Ithaca College's Finger Lakes Environmental Film Festival Honors Winners of 'Trafficked Identities'

ITHACA, NY — Xuan Chen’s animated video “Out” won the first-place $250 prize in “Trafficked Identities,” a competition of web-based digital art sponsored by Ithaca College’s Finger Lakes Environmental Film Festival (FLEFF) and the Global Alliance Against Traffic in Women (GAATW). “Out,” along with three other works recognized by Sharon Lin Tay and Dale Hudson, the curators of “Trafficked Identities,” will be displayed online at

“The exhibition aims to explore the ways in which activist campaigns against human trafficking may avoid glamorizing the victimization of trafficked persons and instead use digital media as a platform to promote the recognition of trafficked persons’ rights, strengths and power,” said Patricia Zimmermann, professor of cinema, photography and media arts and cocurator of FLEFF.

“We consider the question of how campaigns may call attention to gross exploitation while highlighting victims’ resilience and agency,” Hudson added.

“We ask how may the bodies that are smuggled past, or that covertly pass, political checkpoints be represented in ways that educate about the intersection of geopolitical complexities with labor — whether sexual, manual, domestic, forced or voluntary,” noted Tay.

The curators cited “Out” for capturing the geopolitics and structural context that anti-trafficking organizations such as GAATW highlight in their work. The curators wrote: “Its sophisticated animation conveys the harshness of life as a Chinese migrant laborer using themes and symbolisms that facilitate dialogue about human trafficking, labor issues and the possibility of activating changes in the migrant worker’s circumstances.”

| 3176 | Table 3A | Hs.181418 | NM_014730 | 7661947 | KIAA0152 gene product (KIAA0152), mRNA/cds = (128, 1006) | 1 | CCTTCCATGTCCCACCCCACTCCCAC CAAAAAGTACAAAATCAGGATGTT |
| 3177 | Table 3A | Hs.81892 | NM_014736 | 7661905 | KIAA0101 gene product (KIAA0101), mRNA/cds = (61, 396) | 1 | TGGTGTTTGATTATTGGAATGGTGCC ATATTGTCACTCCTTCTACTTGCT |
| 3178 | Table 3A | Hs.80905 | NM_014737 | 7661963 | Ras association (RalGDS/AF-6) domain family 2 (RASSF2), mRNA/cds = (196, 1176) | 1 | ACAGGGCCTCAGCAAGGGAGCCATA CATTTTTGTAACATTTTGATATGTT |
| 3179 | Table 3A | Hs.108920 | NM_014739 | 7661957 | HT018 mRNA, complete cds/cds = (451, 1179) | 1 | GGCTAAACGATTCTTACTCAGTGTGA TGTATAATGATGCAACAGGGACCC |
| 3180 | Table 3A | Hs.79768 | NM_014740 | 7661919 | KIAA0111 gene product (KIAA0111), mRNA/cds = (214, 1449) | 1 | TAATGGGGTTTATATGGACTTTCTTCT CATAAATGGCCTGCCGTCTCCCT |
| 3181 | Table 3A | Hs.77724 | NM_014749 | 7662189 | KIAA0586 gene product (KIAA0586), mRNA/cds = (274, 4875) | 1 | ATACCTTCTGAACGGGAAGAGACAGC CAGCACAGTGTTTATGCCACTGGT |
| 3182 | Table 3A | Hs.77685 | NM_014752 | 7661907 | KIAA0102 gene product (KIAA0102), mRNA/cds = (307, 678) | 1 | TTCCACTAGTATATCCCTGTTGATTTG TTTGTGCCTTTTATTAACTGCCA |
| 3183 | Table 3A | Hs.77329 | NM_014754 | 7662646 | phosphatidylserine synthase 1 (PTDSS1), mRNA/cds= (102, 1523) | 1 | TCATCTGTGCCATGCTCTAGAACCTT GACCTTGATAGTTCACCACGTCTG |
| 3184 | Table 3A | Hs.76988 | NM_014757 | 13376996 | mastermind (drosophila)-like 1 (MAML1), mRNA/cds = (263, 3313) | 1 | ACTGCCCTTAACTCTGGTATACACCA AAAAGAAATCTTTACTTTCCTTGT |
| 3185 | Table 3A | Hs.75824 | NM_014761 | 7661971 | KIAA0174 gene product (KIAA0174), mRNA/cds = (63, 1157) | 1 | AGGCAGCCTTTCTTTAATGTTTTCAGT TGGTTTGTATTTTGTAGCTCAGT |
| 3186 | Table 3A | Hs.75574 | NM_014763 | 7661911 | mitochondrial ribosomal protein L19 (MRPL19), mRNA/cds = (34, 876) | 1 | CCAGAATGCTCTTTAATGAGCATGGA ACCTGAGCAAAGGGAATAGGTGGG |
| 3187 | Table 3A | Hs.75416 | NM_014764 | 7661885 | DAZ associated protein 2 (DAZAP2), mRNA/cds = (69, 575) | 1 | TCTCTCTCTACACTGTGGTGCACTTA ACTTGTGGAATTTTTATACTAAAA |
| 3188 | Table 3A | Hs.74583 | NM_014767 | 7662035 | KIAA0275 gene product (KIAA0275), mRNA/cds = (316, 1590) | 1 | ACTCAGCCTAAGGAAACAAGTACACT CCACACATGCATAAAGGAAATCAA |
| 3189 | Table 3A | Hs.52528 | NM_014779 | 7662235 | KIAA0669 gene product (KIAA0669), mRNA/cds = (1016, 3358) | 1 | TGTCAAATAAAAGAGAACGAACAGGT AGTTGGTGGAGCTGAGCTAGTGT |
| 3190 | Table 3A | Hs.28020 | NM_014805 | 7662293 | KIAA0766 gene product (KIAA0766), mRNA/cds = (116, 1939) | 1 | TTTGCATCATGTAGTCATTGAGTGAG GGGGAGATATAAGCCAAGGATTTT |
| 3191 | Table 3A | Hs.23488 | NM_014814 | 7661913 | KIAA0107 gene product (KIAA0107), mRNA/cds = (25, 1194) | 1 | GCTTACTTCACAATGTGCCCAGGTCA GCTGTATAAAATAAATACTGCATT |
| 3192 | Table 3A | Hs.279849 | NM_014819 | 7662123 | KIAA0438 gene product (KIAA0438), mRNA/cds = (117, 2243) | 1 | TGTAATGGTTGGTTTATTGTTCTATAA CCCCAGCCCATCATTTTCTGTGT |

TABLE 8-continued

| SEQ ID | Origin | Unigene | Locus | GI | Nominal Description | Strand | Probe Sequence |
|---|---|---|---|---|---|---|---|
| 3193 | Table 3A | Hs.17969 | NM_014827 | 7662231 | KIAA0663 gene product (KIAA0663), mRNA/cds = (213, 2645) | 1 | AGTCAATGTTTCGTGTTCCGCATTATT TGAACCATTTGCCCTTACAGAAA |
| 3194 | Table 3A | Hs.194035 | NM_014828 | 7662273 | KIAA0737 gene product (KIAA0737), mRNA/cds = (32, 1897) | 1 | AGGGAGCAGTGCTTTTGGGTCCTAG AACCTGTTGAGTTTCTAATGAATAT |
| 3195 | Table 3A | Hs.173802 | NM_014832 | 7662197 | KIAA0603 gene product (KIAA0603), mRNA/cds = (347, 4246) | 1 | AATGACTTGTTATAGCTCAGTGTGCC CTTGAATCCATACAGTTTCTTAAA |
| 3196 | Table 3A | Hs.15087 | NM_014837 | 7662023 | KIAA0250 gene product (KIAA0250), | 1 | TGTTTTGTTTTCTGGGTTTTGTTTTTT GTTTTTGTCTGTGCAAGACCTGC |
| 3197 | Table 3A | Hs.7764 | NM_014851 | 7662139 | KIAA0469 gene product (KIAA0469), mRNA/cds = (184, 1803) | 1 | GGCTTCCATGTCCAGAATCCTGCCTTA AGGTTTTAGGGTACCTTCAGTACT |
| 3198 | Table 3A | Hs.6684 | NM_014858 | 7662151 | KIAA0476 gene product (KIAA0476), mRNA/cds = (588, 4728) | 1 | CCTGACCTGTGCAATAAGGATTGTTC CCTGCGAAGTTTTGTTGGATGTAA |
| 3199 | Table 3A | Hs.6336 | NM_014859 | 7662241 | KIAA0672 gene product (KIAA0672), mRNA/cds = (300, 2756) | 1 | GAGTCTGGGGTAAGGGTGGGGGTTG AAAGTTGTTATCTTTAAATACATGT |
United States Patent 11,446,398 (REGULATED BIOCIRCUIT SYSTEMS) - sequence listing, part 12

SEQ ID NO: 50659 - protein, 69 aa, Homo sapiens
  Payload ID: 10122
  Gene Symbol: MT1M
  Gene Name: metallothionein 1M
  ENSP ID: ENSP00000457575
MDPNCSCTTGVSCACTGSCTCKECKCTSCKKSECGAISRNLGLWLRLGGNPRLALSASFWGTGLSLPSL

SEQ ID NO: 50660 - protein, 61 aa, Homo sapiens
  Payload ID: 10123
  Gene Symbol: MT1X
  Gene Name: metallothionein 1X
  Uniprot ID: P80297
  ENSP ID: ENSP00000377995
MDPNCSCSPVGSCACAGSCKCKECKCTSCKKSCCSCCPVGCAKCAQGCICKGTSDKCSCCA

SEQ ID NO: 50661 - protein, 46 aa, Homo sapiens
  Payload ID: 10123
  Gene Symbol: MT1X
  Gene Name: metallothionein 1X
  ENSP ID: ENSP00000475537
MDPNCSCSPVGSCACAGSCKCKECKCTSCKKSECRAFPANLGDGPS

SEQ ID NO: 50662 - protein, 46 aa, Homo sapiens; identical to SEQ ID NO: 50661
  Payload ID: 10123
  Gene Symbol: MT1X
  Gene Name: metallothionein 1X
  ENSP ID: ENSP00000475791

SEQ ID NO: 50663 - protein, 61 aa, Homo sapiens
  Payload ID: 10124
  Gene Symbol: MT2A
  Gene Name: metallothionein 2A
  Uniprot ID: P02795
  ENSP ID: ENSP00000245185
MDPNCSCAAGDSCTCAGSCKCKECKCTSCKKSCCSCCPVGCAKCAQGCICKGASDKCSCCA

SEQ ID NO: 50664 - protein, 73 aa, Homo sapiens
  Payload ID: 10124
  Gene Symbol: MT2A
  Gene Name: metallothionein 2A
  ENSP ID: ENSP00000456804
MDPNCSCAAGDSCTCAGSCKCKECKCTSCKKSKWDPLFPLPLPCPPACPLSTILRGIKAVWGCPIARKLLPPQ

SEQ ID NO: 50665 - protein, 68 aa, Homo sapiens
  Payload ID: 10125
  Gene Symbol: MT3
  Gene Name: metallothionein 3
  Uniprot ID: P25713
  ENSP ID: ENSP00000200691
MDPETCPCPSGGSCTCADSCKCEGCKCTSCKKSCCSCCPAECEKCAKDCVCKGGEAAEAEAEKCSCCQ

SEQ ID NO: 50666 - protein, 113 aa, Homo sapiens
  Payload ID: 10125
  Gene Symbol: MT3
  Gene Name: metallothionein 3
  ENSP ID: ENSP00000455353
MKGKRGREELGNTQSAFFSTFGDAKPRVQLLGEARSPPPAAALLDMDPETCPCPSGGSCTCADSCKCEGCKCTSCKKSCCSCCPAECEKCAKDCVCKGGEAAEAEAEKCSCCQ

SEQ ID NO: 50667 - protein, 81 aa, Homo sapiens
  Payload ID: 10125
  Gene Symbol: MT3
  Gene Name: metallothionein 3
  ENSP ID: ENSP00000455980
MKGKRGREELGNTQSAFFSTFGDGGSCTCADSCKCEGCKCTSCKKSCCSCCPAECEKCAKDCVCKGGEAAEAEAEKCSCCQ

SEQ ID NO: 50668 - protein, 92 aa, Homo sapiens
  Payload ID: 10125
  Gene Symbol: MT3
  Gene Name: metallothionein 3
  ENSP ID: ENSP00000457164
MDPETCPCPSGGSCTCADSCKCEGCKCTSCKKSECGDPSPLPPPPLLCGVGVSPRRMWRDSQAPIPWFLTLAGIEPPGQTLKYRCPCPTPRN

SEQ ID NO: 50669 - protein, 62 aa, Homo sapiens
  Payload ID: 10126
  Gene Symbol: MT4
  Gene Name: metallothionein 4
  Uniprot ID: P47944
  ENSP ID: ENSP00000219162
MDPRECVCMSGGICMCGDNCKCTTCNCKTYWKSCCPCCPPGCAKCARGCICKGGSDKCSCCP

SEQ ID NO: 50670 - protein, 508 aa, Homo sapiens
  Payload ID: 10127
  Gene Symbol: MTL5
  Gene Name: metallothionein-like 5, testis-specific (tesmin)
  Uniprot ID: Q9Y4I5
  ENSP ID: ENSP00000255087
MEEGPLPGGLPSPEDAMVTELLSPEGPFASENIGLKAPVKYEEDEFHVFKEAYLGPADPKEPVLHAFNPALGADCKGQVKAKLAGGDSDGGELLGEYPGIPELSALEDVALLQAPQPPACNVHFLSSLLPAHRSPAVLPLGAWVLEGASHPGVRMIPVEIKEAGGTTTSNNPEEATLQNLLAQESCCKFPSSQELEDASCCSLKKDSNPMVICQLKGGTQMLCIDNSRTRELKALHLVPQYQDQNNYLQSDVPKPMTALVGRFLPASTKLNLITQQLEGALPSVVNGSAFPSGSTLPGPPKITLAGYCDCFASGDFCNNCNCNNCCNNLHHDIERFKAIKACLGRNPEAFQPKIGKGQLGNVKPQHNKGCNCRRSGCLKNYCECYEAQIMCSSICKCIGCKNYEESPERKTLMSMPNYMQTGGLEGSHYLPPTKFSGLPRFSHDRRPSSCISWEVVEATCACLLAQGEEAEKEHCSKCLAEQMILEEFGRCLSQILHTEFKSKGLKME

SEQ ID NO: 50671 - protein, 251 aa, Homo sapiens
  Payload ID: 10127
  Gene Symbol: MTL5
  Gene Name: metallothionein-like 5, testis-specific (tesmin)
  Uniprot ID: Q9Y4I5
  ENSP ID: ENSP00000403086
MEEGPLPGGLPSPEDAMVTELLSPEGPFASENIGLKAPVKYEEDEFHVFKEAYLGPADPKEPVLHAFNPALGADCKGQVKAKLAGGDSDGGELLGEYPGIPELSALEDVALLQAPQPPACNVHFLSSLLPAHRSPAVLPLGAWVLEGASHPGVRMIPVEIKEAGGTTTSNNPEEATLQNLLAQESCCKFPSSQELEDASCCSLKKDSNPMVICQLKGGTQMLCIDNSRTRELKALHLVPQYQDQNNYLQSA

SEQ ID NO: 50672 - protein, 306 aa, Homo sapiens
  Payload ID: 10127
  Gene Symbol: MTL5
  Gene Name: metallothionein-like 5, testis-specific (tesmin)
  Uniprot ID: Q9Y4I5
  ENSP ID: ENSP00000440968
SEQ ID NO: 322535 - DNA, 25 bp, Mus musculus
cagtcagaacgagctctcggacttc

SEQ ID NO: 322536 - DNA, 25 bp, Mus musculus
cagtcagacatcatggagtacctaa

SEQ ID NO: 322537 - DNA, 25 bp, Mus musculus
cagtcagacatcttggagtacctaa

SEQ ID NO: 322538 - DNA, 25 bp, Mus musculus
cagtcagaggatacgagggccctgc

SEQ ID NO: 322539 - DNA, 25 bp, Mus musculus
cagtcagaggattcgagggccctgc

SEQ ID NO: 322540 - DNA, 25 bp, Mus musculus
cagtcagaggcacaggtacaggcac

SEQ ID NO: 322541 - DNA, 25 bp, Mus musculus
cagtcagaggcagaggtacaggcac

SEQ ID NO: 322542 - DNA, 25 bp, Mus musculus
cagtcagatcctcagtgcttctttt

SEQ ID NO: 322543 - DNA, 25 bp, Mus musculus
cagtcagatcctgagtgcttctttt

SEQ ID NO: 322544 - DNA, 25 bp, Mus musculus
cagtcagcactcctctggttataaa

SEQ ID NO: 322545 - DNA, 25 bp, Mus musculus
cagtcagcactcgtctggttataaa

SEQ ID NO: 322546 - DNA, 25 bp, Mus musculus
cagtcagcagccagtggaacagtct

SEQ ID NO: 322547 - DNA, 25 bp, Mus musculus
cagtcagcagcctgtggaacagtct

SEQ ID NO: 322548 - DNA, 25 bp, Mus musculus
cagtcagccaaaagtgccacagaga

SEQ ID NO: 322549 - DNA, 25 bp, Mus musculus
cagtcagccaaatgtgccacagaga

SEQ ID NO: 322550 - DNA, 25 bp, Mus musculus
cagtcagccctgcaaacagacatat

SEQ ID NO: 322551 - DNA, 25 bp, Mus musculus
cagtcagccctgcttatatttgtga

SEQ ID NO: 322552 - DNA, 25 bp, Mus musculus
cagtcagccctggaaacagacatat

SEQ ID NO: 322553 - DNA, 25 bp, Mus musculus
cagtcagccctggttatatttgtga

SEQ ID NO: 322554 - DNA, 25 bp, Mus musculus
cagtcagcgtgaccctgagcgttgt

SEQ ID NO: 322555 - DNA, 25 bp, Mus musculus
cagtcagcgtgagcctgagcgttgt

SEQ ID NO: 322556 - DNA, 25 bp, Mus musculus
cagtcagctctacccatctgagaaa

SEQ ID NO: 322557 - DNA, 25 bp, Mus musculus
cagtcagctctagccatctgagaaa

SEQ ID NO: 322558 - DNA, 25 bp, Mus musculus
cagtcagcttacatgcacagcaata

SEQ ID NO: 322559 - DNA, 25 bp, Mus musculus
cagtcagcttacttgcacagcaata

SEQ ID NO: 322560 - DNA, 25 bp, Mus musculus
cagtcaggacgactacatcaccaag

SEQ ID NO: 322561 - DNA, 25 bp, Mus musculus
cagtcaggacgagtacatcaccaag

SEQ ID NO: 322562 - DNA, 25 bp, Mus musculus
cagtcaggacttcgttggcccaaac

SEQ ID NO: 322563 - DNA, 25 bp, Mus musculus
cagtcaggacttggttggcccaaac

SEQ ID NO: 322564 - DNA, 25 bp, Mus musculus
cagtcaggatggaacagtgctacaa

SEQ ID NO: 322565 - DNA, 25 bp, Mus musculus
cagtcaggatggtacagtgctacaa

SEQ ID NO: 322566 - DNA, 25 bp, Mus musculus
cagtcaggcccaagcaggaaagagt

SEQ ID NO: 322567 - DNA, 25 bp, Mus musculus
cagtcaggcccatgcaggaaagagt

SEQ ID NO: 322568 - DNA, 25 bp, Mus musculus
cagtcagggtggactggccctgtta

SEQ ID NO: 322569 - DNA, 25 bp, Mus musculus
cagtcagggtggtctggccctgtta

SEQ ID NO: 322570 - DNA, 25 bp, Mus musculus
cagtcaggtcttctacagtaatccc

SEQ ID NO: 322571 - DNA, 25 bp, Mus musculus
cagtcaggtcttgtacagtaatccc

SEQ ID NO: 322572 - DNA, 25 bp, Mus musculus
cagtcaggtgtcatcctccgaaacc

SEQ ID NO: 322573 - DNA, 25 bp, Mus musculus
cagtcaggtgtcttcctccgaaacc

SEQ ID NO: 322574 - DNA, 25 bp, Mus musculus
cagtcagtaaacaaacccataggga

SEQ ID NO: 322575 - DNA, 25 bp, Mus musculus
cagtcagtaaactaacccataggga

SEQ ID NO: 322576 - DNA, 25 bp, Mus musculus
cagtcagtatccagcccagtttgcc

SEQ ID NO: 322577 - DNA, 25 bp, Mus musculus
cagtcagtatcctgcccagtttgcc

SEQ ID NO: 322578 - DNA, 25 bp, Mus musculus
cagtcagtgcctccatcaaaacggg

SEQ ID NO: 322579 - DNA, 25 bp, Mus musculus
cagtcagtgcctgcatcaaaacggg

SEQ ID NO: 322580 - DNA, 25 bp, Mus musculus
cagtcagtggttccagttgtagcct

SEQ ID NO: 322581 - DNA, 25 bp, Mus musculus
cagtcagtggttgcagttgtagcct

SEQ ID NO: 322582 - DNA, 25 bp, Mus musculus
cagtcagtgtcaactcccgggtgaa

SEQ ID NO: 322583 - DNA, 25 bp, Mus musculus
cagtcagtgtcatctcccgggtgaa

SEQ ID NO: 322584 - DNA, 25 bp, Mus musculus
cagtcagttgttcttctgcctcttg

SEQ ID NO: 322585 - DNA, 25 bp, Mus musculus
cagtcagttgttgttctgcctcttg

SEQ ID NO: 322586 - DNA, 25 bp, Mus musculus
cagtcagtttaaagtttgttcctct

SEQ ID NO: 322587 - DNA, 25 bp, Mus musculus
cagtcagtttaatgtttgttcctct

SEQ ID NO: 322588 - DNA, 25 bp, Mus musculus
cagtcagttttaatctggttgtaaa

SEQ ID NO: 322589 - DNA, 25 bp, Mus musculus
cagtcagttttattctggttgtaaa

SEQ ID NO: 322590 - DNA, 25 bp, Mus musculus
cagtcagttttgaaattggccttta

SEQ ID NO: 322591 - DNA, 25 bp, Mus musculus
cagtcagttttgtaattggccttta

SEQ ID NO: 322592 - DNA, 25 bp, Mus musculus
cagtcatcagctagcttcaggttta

The three other works included in the online exhibit are:

  • “Laborers of Love” by Stephanie Rothenberg, Jeff Crouse and Michael Schieben. Exploring the confluence of desires, fantasies and the economic principles of supply and demand in the buying and selling of sex, “Laborers of Love” is a tongue-in-cheek attempt at outsourcing prostitution via a digital platform that provides endless configurations of bodies and fantasies that cater to one’s sexual desires — and payable by credit card.
  • “Magnify Malta,” by Myriam Thyes, is a multiplatformed art project that explores the implications of globalization for the state of Malta. Located in the middle of the Mediterranean Sea, Malta experiences the transnational patterns created by its proximity to Europe, Africa and the Middle East. “Magnify Malta” ponders the implications of migration for Maltese culture, society and labor market.
  • “Modern Slavery” by Paolo Unger Dvorchik highlights the different types of trafficking and slavery through a series of interviews with both victims and activists. The film focuses on the resilience of victims, their assessments of their situations while victimized and what lies ahead after their rescue.

Dale Hudson teaches film and new media studies at New York University Abu Dhabi, located in the United Arab Emirates. His work on global cinema and new media appears in numerous journals, including “Afterimage,” “Cinema Journal” and “Studies in Documentary Film.”

Sharon Lin Tay teaches film and digital theory at Middlesex University in London. Currently on sabbatical, she is a visiting associate professor at Singapore’s Nanyang Technological University. Her 2009 book about women filmmakers and digital artists is entitled “Women on the Edge: Twelve Political Film Practices.”

Launched in 1997 as an outreach project from Cornell University’s Center for the Environment at Cornell University, the Finger Lakes Environmental Film Festival was moved permanently to Ithaca College in 2005. It is housed in the Office of the Provost as a program to link intellectual inquiry and debate to larger global issues. For more information on FLEFF, visit

An alliance of more than 90 nongovernmental organizations, GAATW is dedicated to defending the rights of trafficked persons and migrants and has issued calls for safety standards for migrant workers in the garment, food-processing and farming industries; and persons trafficked across international borders for the purposes of forced labor and the global sex trade. More information on GAATW is available at

Tagged as FLEFF, GAATW